Ever since Far Cry 3, sneaking my way through outposts eliminating enemies one by one has been one of my favorite things to do in video games. I’m happy to report that systematically taking down murderous thugs is just as fun in rural America as it is in the Himalayas, and that Far Cry 5 is another great game in the open-world series Ubisoft seems most willing to have fun with. It may be playing a familiar tune, but all of these combat, physics, and wildlife systems all mix together to create unexpected moments of intense and hilarious action.

This time around you play as a sheriff’s deputy, part of a task force sent into the fictional Hope County, Montana. Rural America may not be quite as exotic or exciting a playground as a tropical island or a secluded mountain, but it’s a gigantic open world where things are constantly blowing up, wild animals are pouncing, and a never-ending supply of cultists are lining up to be your target practice. The mountains, valleys, plains, forests, rivers, lakes, and caves of Hope County make it a place where there’s never a dull moment.

Being stranded and hunted by well-armed militia was a very cool moment.

With all of that scenery and action, Far Cry 5 is a nice-looking game, but it isn’t on the same level as, say, Horizon: Zero Dawn. Even comparing it to another recent open-world Ubisoft game, it’s not quite as attractive as Assassin’s Creed Origins. It’s generally good enough, but I was sometimes distracted by the pop-in caused by the density of the landscape. Even on the PS4 Pro, it’s hard not to notice all the magically appearing trees as you stroll through the wilderness. In fact, other than resolution on a 4K TV, there isn’t a stark difference between the PS4 and the Pro at all.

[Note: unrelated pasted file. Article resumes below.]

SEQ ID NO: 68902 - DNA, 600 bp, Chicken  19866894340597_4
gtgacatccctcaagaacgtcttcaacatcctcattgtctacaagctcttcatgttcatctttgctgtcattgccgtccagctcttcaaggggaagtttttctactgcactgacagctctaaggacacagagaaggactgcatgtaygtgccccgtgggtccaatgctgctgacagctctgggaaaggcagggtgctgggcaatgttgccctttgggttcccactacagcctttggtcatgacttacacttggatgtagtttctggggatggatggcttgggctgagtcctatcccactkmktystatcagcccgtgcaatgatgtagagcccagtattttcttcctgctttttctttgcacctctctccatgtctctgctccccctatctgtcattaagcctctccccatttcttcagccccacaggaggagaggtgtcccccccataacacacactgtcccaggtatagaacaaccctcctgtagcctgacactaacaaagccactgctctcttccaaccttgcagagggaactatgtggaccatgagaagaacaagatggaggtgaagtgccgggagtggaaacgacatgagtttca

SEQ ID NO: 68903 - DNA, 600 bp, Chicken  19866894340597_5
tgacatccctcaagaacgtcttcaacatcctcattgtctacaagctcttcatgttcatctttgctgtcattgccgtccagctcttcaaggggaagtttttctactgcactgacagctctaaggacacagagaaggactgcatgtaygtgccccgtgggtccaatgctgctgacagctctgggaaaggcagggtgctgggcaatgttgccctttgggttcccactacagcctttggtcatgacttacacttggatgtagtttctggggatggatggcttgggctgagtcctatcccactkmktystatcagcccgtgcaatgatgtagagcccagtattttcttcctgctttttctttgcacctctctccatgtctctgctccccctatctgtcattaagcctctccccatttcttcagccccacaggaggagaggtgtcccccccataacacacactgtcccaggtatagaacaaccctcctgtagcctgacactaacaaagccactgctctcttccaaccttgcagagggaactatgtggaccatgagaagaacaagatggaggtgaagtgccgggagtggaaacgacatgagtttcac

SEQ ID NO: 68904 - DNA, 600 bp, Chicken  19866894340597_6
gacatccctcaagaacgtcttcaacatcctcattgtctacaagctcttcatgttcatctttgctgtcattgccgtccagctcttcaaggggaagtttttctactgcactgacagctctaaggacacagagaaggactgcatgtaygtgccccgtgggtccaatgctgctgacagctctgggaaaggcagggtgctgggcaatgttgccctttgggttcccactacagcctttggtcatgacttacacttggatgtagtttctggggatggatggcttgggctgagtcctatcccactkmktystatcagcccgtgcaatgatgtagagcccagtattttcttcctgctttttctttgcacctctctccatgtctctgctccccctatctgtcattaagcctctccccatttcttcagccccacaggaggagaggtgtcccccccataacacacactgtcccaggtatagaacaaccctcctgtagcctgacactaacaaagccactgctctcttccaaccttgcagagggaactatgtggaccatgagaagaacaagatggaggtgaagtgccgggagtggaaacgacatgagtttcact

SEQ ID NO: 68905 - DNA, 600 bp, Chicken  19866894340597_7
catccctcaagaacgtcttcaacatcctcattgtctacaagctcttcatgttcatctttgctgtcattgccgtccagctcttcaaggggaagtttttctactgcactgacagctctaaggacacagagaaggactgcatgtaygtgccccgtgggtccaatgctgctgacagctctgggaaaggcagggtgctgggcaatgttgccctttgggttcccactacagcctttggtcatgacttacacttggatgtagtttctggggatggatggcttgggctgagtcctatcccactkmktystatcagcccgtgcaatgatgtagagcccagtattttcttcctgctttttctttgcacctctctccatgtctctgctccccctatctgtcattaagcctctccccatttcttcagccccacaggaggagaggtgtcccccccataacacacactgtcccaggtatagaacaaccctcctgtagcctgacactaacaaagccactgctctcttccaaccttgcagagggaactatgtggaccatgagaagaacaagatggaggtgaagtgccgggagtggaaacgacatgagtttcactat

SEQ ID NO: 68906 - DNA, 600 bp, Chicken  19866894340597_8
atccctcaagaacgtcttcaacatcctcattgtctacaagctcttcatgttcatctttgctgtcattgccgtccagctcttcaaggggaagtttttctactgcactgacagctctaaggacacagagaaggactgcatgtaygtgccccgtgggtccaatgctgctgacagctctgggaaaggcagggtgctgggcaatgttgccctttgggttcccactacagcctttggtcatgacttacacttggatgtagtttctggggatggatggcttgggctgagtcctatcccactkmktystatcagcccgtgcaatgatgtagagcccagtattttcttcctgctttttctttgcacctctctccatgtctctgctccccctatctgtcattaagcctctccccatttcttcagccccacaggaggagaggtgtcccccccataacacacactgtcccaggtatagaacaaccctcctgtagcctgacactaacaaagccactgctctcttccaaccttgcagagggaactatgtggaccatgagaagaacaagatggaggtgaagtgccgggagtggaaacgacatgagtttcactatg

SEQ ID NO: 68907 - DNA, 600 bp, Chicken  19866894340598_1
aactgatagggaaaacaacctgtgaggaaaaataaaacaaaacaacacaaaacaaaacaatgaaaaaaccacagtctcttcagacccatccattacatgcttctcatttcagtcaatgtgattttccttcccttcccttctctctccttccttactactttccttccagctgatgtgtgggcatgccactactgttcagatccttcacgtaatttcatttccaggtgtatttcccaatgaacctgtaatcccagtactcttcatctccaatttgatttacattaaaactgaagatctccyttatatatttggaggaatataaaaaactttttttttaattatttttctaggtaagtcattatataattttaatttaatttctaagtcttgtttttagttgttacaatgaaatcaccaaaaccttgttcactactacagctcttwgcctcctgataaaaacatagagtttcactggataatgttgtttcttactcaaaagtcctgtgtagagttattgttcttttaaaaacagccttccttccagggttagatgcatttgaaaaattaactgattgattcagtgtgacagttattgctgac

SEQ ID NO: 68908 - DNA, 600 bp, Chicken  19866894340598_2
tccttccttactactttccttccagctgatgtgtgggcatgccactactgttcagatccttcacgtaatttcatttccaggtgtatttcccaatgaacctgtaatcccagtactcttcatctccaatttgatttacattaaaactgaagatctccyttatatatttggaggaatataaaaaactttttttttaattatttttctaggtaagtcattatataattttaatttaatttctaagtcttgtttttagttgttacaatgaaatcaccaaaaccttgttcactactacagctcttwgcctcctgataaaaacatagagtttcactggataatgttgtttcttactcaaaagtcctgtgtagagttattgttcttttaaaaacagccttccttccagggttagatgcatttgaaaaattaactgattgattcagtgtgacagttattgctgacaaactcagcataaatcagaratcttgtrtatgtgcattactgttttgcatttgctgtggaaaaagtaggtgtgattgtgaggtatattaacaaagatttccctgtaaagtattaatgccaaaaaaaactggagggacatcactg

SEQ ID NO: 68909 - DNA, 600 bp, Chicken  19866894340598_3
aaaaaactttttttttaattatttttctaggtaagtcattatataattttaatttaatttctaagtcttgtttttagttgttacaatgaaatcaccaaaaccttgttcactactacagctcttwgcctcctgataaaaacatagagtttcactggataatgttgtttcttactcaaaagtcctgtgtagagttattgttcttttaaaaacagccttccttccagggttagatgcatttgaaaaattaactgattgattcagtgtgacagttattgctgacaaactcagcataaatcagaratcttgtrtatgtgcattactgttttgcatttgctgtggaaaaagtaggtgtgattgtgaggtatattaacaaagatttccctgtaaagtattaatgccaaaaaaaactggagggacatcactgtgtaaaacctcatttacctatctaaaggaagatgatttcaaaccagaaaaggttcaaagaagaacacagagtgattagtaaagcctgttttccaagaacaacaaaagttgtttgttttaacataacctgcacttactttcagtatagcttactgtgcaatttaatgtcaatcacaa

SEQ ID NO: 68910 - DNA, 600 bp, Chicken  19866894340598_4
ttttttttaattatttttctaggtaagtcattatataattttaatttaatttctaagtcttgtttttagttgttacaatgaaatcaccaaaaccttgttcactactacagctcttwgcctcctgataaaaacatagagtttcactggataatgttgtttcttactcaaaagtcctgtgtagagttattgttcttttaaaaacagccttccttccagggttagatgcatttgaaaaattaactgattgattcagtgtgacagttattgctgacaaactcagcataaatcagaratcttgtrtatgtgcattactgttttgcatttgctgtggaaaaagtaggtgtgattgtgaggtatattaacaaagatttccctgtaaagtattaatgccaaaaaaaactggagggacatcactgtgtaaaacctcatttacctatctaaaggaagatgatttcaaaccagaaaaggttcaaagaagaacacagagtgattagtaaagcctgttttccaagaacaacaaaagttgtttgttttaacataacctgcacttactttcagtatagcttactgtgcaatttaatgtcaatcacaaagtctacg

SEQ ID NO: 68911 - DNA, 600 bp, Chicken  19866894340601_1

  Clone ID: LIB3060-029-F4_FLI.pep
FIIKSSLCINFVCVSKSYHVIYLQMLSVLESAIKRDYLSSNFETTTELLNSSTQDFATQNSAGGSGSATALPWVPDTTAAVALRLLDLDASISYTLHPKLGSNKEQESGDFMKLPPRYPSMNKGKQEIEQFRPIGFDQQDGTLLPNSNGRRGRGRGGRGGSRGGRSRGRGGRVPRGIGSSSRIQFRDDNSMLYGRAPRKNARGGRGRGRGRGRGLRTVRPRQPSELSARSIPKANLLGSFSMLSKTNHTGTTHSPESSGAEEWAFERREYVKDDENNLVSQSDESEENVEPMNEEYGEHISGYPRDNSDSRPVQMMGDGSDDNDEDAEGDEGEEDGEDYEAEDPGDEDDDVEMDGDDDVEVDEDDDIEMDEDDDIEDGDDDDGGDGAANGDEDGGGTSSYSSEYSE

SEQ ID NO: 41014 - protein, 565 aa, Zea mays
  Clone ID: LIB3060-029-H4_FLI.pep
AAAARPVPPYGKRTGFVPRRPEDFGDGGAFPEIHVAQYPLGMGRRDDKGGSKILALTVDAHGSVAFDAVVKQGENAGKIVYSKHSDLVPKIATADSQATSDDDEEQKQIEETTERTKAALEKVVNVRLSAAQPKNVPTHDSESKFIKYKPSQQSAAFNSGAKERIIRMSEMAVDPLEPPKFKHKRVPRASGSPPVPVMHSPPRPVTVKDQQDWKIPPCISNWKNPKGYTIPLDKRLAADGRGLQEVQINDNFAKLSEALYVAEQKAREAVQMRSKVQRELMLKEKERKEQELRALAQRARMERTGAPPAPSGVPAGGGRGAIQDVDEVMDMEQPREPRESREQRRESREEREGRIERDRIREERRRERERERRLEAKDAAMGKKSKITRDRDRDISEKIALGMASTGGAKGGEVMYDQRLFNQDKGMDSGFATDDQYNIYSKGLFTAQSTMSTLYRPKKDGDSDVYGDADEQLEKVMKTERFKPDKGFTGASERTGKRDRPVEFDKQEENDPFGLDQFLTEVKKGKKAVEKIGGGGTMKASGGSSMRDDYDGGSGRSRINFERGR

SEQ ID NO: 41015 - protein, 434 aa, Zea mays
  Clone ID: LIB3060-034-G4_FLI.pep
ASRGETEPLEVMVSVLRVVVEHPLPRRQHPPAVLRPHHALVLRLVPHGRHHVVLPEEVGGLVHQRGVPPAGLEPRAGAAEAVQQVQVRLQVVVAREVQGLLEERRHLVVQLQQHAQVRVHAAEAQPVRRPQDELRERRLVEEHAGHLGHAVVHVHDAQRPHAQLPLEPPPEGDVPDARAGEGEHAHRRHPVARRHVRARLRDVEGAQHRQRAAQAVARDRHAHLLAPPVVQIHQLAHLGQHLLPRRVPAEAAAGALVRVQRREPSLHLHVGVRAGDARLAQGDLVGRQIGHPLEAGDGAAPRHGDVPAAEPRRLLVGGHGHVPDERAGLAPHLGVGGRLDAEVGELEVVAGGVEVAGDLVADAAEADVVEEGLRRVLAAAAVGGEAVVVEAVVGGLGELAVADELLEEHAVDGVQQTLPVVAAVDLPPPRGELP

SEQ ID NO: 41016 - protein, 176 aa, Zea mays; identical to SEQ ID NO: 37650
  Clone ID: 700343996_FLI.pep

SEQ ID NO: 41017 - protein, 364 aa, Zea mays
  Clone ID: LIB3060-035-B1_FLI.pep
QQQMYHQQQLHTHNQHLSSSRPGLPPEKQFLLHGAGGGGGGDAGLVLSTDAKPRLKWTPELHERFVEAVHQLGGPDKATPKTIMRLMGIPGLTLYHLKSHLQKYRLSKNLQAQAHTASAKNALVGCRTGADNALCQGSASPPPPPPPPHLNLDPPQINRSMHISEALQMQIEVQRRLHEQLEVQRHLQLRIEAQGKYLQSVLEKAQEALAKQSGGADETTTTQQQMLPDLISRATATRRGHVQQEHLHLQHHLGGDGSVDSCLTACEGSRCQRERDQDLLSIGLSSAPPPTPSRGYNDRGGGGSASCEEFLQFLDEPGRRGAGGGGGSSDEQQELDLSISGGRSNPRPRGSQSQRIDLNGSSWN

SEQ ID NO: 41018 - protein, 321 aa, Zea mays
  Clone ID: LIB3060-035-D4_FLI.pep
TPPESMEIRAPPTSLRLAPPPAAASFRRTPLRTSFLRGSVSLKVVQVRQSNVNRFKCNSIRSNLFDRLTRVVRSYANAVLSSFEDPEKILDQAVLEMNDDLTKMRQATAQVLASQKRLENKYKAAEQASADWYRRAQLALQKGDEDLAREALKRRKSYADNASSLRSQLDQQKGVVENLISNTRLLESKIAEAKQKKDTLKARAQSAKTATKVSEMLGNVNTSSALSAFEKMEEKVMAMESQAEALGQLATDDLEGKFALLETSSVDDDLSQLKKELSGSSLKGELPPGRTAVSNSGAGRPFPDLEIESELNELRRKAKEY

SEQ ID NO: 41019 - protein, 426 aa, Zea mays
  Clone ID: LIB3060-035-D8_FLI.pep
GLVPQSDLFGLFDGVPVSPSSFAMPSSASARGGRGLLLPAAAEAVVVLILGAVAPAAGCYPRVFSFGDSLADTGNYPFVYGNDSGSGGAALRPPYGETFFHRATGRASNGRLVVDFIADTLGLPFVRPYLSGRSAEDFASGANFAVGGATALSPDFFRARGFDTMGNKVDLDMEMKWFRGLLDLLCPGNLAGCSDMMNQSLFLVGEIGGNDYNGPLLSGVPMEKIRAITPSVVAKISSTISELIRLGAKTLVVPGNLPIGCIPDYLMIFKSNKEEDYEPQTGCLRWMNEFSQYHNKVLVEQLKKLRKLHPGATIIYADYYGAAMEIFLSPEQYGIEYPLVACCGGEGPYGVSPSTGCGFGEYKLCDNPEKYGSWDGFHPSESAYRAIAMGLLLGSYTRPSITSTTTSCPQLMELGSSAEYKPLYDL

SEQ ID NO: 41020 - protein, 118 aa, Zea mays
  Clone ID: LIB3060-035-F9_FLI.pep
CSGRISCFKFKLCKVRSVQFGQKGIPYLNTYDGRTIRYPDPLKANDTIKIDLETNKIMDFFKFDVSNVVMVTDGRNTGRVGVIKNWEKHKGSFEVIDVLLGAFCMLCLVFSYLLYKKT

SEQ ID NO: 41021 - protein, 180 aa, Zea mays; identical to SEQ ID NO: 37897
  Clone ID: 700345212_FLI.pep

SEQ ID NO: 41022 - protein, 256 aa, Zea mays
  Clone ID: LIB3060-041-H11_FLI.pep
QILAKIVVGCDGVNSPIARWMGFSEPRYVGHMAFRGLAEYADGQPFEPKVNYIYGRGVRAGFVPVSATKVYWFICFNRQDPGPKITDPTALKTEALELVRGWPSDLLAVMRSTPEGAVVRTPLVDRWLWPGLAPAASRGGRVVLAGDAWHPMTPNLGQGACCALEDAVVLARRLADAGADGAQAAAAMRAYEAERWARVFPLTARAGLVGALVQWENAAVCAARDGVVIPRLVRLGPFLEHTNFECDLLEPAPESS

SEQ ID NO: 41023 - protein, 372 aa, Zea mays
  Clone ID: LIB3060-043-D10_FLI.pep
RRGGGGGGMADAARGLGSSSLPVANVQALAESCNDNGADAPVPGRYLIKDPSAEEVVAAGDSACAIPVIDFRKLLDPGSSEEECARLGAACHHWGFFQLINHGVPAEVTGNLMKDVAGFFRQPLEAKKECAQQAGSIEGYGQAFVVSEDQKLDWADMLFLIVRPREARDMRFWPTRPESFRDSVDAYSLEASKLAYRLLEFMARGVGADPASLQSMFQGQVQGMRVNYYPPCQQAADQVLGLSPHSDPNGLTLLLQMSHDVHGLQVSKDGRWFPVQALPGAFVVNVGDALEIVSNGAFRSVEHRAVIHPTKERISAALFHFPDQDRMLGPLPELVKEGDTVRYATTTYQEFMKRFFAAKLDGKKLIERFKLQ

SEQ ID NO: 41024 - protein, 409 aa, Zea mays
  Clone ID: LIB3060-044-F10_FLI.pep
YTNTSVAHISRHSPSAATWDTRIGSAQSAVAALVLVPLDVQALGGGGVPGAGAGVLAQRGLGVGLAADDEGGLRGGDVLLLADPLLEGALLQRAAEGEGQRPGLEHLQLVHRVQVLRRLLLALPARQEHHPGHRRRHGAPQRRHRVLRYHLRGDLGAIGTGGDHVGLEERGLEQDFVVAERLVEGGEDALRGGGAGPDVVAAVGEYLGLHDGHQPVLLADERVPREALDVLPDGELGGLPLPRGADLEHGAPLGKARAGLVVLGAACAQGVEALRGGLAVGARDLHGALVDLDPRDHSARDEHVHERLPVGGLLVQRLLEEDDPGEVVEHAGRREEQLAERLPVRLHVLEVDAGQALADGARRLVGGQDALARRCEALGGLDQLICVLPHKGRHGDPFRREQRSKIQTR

You can also count the number of unique cultist goon faces on one hand, so expect to be shooting the same faces over and over. Rounding out my technical complaints would be long load times – upwards of 60 seconds – on both PS4 and PS4 Pro, a couple glitched missions I had to restart, and the one time Far Cry 5 completely froze on me.

This dark corner of Montana is controlled by a man named Joseph Seed, a zealot leader who hasn’t left quite the same impression on me that Vaas or Pagan Min did in the previous two Far Cry games. He doesn’t have any particularly memorable lines, and his motivation for wanting to end the world is murky. But the story ends up in an unforgettable place, making this an open-world adventure that is worth seeing through to completion.

I like that, for the first time in a Far Cry game, you can choose between a male or female protagonist and do some light customization. Alas, it’s merely a cosmetic decision, as either way your character will be mute (so there’s no custom voice acting) and most people will refer to you as “The Deputy.” And for a series as bonkers as Far Cry, the customization options here are a little conservative. You unlock more as you progress, so it’s not as dire as it initially appears, but they are few and far between and rarely much more than a shirt or jeans. The one exception is a Far Cry Primal-style caveman/woman outfit, which is fun – I wanted to see more of that. But this being a first-person game, you won’t see much of yourself in the campaign anyway… unless you die a lot.

The vibe is like an ’80s action movie that happens to be set in a conservative state.